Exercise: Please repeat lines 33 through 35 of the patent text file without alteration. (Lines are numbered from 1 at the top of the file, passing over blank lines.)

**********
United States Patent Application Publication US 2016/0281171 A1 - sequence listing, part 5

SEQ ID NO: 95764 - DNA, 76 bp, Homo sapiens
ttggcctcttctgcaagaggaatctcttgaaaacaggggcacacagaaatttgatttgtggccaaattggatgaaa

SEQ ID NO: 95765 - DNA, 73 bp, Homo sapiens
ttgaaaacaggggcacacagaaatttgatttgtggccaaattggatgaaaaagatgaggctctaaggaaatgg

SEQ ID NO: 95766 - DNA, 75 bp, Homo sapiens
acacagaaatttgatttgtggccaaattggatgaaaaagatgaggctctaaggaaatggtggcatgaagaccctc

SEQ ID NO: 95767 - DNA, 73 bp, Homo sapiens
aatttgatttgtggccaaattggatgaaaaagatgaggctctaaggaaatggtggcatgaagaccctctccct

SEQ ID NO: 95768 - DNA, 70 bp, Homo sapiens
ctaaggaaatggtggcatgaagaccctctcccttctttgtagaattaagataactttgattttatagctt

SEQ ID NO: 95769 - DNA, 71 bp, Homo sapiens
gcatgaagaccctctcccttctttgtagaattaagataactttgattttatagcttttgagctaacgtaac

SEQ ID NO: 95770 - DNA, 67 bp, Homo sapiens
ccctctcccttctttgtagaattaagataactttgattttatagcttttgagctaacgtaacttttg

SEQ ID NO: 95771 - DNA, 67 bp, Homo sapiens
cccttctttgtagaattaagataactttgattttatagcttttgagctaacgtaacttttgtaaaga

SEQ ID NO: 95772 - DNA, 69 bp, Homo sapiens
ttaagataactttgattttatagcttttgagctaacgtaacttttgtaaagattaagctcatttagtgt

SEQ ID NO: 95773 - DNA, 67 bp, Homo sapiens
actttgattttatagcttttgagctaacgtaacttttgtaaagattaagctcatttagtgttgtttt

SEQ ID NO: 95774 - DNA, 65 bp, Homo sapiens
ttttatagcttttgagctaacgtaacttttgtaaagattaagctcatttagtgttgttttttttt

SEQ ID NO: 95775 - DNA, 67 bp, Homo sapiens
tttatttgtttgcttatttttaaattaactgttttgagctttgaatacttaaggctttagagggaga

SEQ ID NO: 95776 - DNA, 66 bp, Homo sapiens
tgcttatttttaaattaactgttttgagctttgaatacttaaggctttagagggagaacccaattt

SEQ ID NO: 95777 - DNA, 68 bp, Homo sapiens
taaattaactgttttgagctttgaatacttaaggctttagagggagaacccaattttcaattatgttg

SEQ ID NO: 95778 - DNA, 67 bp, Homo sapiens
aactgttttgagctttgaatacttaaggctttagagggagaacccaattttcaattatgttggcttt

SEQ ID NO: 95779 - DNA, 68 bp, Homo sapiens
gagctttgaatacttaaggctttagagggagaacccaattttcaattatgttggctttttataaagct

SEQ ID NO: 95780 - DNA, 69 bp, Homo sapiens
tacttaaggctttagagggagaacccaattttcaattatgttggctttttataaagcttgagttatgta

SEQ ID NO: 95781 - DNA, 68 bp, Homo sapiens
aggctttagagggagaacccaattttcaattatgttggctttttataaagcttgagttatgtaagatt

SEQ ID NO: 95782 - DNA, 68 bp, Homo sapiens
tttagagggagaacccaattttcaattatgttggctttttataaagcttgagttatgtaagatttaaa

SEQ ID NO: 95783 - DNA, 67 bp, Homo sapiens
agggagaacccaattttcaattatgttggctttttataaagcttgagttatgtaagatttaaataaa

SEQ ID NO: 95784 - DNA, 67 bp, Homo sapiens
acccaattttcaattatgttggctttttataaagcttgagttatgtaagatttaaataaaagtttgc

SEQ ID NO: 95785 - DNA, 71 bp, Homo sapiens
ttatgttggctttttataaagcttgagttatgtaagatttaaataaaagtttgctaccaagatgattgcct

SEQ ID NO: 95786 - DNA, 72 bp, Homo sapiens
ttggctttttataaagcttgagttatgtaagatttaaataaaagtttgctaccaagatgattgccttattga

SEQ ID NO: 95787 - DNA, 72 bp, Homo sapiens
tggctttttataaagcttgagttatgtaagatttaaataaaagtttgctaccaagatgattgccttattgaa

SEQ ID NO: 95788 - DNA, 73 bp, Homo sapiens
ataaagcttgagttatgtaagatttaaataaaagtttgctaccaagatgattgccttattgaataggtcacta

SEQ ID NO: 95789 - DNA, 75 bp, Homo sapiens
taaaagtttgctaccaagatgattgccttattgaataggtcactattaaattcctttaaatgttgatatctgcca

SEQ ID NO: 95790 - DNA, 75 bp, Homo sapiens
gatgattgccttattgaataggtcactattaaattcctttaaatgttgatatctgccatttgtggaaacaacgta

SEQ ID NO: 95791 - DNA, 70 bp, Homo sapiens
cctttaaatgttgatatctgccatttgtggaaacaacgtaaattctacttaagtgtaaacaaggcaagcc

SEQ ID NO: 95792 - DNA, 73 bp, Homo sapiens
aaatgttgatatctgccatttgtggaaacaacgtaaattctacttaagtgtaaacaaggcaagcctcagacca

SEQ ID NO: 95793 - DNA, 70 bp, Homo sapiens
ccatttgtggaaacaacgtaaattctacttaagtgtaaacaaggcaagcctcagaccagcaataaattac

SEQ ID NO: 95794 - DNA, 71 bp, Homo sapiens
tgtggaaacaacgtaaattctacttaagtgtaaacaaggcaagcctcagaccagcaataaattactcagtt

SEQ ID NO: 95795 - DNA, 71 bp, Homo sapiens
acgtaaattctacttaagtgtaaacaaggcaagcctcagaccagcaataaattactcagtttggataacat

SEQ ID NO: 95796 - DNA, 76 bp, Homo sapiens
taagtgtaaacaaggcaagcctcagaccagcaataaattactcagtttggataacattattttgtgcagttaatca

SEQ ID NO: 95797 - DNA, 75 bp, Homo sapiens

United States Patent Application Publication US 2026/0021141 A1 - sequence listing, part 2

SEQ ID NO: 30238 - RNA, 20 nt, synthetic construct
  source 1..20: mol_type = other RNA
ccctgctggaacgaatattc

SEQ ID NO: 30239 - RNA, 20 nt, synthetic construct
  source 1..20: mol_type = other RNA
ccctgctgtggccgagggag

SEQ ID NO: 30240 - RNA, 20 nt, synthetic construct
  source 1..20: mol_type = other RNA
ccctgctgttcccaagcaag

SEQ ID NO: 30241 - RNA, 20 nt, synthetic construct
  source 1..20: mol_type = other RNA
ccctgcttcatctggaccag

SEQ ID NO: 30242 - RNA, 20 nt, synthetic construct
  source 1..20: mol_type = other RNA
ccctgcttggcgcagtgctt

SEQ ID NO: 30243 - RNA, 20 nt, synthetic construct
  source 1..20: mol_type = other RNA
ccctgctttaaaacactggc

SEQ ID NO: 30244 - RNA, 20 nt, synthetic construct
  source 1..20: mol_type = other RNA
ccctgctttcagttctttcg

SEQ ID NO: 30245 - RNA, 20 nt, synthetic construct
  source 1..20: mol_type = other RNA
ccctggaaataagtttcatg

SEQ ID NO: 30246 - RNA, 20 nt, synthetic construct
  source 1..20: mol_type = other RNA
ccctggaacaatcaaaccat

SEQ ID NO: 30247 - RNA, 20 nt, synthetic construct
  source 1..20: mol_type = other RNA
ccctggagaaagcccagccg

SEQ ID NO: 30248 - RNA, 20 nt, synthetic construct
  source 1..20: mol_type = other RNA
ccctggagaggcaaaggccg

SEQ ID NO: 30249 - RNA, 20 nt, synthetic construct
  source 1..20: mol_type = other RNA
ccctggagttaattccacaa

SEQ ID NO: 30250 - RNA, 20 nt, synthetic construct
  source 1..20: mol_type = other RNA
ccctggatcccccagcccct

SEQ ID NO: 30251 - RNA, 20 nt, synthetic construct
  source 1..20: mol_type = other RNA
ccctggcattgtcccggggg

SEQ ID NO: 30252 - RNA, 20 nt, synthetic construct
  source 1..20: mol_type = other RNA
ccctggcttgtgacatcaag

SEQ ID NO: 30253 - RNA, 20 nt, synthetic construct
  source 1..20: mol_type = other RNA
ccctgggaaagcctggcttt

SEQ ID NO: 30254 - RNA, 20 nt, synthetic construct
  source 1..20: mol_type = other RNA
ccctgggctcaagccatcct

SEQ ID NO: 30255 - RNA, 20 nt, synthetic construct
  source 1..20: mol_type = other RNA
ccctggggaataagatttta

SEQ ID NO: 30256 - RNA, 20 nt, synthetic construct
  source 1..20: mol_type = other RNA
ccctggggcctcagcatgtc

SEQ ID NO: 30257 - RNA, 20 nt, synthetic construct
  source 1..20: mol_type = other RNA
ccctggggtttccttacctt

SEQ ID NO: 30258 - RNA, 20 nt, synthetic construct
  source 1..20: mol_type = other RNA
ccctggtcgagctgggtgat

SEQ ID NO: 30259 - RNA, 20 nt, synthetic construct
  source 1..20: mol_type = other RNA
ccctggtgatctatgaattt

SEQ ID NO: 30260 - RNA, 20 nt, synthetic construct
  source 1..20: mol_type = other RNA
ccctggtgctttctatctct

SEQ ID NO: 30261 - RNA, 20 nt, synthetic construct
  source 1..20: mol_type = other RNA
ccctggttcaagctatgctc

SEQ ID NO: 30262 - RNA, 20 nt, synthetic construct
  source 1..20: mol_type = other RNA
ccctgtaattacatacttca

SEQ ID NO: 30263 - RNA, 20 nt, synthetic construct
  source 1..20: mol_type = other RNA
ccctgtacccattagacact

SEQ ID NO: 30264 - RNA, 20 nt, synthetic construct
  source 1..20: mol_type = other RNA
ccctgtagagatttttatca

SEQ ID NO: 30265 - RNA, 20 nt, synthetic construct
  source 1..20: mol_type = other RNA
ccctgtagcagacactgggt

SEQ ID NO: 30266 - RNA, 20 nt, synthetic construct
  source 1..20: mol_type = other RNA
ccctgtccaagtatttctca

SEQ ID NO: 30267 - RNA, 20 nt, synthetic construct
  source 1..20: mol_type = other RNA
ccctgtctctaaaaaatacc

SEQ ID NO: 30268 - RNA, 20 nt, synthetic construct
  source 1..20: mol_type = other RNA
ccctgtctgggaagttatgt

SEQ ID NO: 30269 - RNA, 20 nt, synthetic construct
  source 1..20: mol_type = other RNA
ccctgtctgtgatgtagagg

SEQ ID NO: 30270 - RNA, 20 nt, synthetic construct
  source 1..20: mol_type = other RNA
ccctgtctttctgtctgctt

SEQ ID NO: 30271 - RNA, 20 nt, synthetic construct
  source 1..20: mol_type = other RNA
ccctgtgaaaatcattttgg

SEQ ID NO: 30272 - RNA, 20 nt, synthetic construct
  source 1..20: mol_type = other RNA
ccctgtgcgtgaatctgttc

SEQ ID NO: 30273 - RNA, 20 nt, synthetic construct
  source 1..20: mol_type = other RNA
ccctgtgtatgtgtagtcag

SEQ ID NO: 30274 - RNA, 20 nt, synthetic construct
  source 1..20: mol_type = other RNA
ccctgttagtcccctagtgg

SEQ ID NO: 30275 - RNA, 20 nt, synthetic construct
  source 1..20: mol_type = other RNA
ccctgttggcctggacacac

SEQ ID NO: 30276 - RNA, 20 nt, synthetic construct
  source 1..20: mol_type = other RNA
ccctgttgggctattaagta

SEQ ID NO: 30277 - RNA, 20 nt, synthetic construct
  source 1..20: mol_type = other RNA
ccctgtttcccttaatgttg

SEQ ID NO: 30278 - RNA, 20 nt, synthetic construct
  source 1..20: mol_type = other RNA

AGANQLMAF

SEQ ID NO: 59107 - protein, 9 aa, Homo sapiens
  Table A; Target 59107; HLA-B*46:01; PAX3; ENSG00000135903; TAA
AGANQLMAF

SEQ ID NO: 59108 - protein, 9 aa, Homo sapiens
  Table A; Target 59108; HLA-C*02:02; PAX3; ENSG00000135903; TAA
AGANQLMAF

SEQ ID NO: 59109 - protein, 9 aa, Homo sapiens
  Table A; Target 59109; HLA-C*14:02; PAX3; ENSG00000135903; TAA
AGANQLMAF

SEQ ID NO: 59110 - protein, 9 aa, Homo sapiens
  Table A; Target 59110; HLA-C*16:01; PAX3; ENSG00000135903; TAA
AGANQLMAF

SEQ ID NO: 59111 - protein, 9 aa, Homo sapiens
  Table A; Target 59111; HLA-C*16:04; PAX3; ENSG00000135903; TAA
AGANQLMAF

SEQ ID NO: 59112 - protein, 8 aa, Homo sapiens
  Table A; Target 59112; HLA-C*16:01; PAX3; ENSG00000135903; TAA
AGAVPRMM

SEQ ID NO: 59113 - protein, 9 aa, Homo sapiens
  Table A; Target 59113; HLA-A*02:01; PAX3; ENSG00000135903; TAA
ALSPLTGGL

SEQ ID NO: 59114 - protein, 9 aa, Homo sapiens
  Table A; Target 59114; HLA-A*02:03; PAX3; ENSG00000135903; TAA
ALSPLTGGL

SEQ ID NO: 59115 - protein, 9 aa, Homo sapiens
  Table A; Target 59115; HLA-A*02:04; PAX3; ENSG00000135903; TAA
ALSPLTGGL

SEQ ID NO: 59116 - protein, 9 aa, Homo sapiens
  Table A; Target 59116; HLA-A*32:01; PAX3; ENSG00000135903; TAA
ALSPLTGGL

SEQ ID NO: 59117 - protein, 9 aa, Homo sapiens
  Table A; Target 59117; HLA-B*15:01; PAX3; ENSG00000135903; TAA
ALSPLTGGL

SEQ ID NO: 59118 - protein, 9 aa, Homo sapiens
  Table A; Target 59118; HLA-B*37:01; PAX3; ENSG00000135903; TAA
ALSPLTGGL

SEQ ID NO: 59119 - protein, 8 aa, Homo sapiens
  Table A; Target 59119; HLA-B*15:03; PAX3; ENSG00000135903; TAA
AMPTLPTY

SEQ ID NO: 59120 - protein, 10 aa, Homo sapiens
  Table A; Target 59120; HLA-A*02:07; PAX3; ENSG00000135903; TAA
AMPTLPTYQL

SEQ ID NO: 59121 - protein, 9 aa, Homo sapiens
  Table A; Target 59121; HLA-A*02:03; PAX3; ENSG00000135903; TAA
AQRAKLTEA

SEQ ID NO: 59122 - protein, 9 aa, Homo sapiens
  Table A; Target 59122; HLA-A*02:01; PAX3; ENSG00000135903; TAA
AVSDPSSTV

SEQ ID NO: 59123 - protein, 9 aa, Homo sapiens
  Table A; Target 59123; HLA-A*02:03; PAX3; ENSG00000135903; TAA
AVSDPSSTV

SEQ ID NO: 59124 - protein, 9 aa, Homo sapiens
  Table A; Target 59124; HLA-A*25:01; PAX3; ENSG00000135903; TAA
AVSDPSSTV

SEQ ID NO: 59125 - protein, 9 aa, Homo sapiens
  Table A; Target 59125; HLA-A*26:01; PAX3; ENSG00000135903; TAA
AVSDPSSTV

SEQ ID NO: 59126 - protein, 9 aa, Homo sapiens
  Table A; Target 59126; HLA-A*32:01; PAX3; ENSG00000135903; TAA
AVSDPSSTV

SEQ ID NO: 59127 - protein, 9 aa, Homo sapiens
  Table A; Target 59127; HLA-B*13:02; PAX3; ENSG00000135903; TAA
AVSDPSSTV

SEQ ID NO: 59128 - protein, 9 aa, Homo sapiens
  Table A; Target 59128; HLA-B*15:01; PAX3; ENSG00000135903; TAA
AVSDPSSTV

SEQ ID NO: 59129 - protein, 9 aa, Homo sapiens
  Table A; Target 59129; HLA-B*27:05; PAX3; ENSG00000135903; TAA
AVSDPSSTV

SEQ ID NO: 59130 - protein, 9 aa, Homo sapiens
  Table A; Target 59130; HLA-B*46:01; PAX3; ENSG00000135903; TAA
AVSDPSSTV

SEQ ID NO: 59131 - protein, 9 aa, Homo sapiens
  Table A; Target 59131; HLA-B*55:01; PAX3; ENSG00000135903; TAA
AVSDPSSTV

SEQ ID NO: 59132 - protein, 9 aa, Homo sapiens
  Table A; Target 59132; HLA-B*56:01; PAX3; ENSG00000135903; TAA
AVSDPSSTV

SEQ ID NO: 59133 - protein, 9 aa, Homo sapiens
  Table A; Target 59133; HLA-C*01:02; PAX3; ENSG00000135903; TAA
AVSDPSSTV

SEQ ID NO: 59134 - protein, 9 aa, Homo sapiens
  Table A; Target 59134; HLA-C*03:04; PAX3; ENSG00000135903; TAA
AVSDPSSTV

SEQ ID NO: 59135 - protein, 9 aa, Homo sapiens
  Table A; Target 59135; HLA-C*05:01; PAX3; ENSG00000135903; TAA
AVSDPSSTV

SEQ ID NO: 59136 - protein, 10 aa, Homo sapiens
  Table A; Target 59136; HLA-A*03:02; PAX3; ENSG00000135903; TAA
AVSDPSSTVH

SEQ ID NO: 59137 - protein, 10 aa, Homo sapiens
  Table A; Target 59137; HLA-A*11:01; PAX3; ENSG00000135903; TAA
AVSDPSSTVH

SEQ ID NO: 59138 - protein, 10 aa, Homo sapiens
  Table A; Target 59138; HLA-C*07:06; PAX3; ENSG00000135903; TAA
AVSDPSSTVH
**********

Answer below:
gagctttgaatacttaaggctttagagggagaacccaattttcaattatgttggctttttataaagct

SEQ ID NO: 95780 - DNA, 69 bp, Homo sapiens
tacttaaggctttagagggagaacccaattttcaattatgttggctttttataaagcttgagttatgta